1. The motion of the respondents to dismiss the appeal is denied. The respondents filed their counter designation of the record on appeal on April 4, 1958, and on that day, and again on April 11, the petitioners filed an order for preparation of the necessary papers. The judge's approval of the counter designation was docketed on May 2, 1958. There was substantive compliance with G. L. c. 231, Section 135, which requires that the party having the obligation "give" the order to the clerk "within ten days after the case becomes ripe for final preparation and printing of the record." The order on file spoke operatively at the time specified in the statute. It is inconsequential that it was filed prior to the ten day period. Reardon v. Cummings, 197 Mass. 128 ,
129. Trustees of Thayer Academy v. Assessors of Braintree, 232 Mass. 402 , 406. Cases cited in Sherrer v. Sherrer, 320 Mass. 351 , 354. McDermott v. Jamula, ante, 236, 240-241.
2. The auditor incorporated in his report the return of the respondents and made findings of fact which are in large part statements of relevant facts disclosed in the return. The issue is to be decided upon the face of the return except that the respondents may be permitted to show facts outside the record which might lead to refusal of the writ on discretionary grounds, and the petitioners may introduce evidence controverting such evidence, and may, with evidence, attack the jurisdiction of the inferior tribunal. Morrissey v. State Ballot Law commn. 312 Mass. 121 , 124-125. Boston v. White Fuel Corp. 294 Mass. 258 , 261, and cases cited. Haven v. County Commrs. of Essex, 155 Mass. 467 , 469. Bradley v. Board of Zoning Adjustment of Boston, 255 Mass. 160 , 171. Selectmen of Wakefield v. Judge of First Dist. Court of E. Middlesex, 262 Mass. 477 , 481. Gifford v. Commissioner of Pub. Health, 328 Mass. 608 , 619. The few findings which may not be statements of what is shown by the return are not important to the case as we view it. In any event they must be disregarded except as relevant to the discretionary denial of the writ.
3. No illegality is shown to have occurred in accepting and rejecting certain alternative proposals of the specifications and determining that Ayers was the low bidder.
Ayers's bid of $1,063,031 was next to the lowest and Loranger's bid, $1,056,811, was the lowest, when the bids were opened. The general specifications, however, as contemplated by G. L. c. 149, Sections 44F, 44G, contained sixteen alternate items, and required the bidders to state in each alternate the amount which would be added to or deducted from their bids in the event that the awarding authority (the committee) should wish to adopt such alternate.
The committee voted on all the alternate items on November 22, 1957, and on that day voted to reject alternate No. 15. The effect of this, with the other acceptances and rejections of alternates, was to make the Ayers bid $1,030,869, and the
Loranger bid $1,031,140. The committee thereupon voted to "tentatively select" Ayers as "the apparent low bidder." On December 5, the committee voted to sign a contract with Ayers for $1,022,001, their counsel having reported that all the contract documents were in order. The contract lists alternate No. 15 among the alternates which were accepted. This shows that the committee had reversed their decision of November 22 in respect of this item. The amounts which had been specified to be deducted if alternate No. 15 was accepted were Loranger $8,648 and Ayers $8,868. Thus Loranger's bid, adjusted to the decision evidenced by the vote and contract of December 5, became $1,022,492 ($1,031,140 -- $8,648) while Ayers's adjusted bid became the contract figure of $1,022,001 ($1,030,869 -- $8,868) and Ayers's bid remained the lowest by a larger spread. Nothing in the statute or bidding documents puts the decision of November 22 as to alternate items beyond change, and in any event Loranger cannot complain, for their bid was the higher whether or not alternate No. 15 was accepted.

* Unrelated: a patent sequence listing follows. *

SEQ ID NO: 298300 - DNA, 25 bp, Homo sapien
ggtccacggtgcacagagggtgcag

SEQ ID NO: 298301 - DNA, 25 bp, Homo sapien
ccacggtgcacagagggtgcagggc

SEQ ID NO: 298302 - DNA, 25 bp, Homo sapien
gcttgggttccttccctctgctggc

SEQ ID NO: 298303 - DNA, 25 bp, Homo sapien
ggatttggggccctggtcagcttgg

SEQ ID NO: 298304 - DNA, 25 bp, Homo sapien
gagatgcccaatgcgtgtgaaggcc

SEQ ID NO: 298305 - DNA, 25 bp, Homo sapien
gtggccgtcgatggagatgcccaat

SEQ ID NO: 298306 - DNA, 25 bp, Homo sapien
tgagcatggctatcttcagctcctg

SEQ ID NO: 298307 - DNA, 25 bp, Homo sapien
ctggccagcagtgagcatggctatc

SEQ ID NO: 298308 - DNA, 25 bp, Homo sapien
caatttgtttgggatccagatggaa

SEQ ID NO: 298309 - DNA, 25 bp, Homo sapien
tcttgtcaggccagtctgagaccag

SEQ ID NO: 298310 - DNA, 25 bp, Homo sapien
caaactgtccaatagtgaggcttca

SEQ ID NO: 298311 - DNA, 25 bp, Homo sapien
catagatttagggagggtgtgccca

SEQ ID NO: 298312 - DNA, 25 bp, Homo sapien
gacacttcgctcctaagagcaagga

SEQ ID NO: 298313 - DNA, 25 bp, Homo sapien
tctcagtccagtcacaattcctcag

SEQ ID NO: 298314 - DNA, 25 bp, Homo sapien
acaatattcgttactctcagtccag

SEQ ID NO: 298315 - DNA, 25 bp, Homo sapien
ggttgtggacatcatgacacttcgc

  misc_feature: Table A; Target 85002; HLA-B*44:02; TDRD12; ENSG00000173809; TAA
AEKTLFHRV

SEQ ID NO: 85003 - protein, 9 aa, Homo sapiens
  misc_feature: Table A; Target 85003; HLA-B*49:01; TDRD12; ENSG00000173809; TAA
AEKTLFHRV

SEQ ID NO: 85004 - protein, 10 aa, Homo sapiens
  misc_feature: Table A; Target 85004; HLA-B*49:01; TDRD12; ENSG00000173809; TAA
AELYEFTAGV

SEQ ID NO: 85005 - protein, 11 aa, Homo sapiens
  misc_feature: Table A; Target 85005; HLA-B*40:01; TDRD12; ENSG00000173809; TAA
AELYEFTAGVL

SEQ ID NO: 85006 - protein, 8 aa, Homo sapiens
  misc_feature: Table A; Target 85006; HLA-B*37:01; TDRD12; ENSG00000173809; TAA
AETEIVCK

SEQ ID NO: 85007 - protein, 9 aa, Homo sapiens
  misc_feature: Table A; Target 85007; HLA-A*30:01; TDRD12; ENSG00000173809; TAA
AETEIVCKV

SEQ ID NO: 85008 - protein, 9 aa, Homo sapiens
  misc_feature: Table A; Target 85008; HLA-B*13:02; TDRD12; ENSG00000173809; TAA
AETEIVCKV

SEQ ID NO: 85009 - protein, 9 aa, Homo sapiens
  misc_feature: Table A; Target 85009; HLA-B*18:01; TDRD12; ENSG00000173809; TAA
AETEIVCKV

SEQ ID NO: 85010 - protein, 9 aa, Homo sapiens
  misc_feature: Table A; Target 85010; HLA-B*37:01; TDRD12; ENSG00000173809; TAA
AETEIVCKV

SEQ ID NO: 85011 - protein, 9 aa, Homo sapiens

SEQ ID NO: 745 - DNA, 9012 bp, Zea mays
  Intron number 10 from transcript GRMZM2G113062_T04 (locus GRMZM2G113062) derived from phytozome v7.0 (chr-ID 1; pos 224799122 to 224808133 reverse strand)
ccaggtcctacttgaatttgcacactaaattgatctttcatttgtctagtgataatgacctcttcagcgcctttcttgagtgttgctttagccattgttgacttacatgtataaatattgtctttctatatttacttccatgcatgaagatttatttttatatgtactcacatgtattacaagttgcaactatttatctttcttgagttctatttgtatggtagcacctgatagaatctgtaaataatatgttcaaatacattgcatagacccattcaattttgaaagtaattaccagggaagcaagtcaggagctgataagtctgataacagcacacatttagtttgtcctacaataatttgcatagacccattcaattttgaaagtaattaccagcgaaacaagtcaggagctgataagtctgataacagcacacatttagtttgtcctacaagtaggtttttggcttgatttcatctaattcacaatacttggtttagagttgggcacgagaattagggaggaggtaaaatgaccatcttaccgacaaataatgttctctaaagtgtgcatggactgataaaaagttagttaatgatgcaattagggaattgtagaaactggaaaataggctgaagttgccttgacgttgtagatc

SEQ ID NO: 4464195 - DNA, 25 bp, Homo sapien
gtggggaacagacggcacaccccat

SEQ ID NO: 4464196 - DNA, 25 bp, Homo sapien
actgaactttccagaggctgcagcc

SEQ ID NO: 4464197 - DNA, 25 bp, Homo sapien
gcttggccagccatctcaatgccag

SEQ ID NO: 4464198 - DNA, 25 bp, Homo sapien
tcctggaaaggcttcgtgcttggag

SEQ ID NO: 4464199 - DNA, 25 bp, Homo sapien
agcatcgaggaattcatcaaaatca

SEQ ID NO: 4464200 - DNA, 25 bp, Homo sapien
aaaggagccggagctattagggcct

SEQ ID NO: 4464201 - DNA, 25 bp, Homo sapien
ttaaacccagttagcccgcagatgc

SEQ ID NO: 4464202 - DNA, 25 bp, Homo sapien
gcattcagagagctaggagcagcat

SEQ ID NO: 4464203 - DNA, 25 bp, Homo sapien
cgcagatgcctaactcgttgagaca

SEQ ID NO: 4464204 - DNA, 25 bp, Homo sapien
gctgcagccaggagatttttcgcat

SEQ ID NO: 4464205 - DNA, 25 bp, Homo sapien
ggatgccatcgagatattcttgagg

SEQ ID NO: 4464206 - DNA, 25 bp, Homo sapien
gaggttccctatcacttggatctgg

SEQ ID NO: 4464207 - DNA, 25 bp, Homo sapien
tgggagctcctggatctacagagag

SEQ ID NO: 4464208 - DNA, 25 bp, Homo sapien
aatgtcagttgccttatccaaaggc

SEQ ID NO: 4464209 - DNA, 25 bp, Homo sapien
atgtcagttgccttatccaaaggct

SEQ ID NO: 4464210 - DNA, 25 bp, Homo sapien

On November 22, the architect informed the committee that although the bids were all above the original budget estimates there were a number of alternatives available. The minutes state, "The careful selection of alternates . . . was considered with more favor by the members than the prospect of eliminating the music area or two classrooms." The minutes of a meeting held on November 25 state that "[t]he architects were questioned closely on the matter of the committee's right to make changes in the building after the contract has been signed. Article 15. Changes in the work contained in the general conditions . . . was read and discussed by the committee." The auditor found, and the return supports the finding, that "[s]ome of the work called for in the alternates and deleted from the general contract was to be performed in the future, but not under the general contract." There is no basis in these facts for a finding of an intent to evade the provisions of G. L. c. 149, Sections 44A-44L, or that any evasion or illegality would result.
4. The petitioners may not demand the issuance of the writ because of the action taken in respect of subbids.
(a) Section 44H requires that the subbids "shall be publicly opened and read by the awarding authority." The auditor found that the subbids were received and opened by the architectural firm of Perley F. Gilbert Associates, Inc. (Gilbert), on November 8, 1957, at its office located in Lowell, at which time a Mr. Hall, a member of the committee, was present. There is no basis for inferring that the requirement of Section 44H was not met. The contract documents show that Gilbert was the architect for the district. It was appropriate that the architect perform this ministerial duty for its principal. An inference is warranted that the action taken on November 8 was done in public. There is no suggestion to the contrary.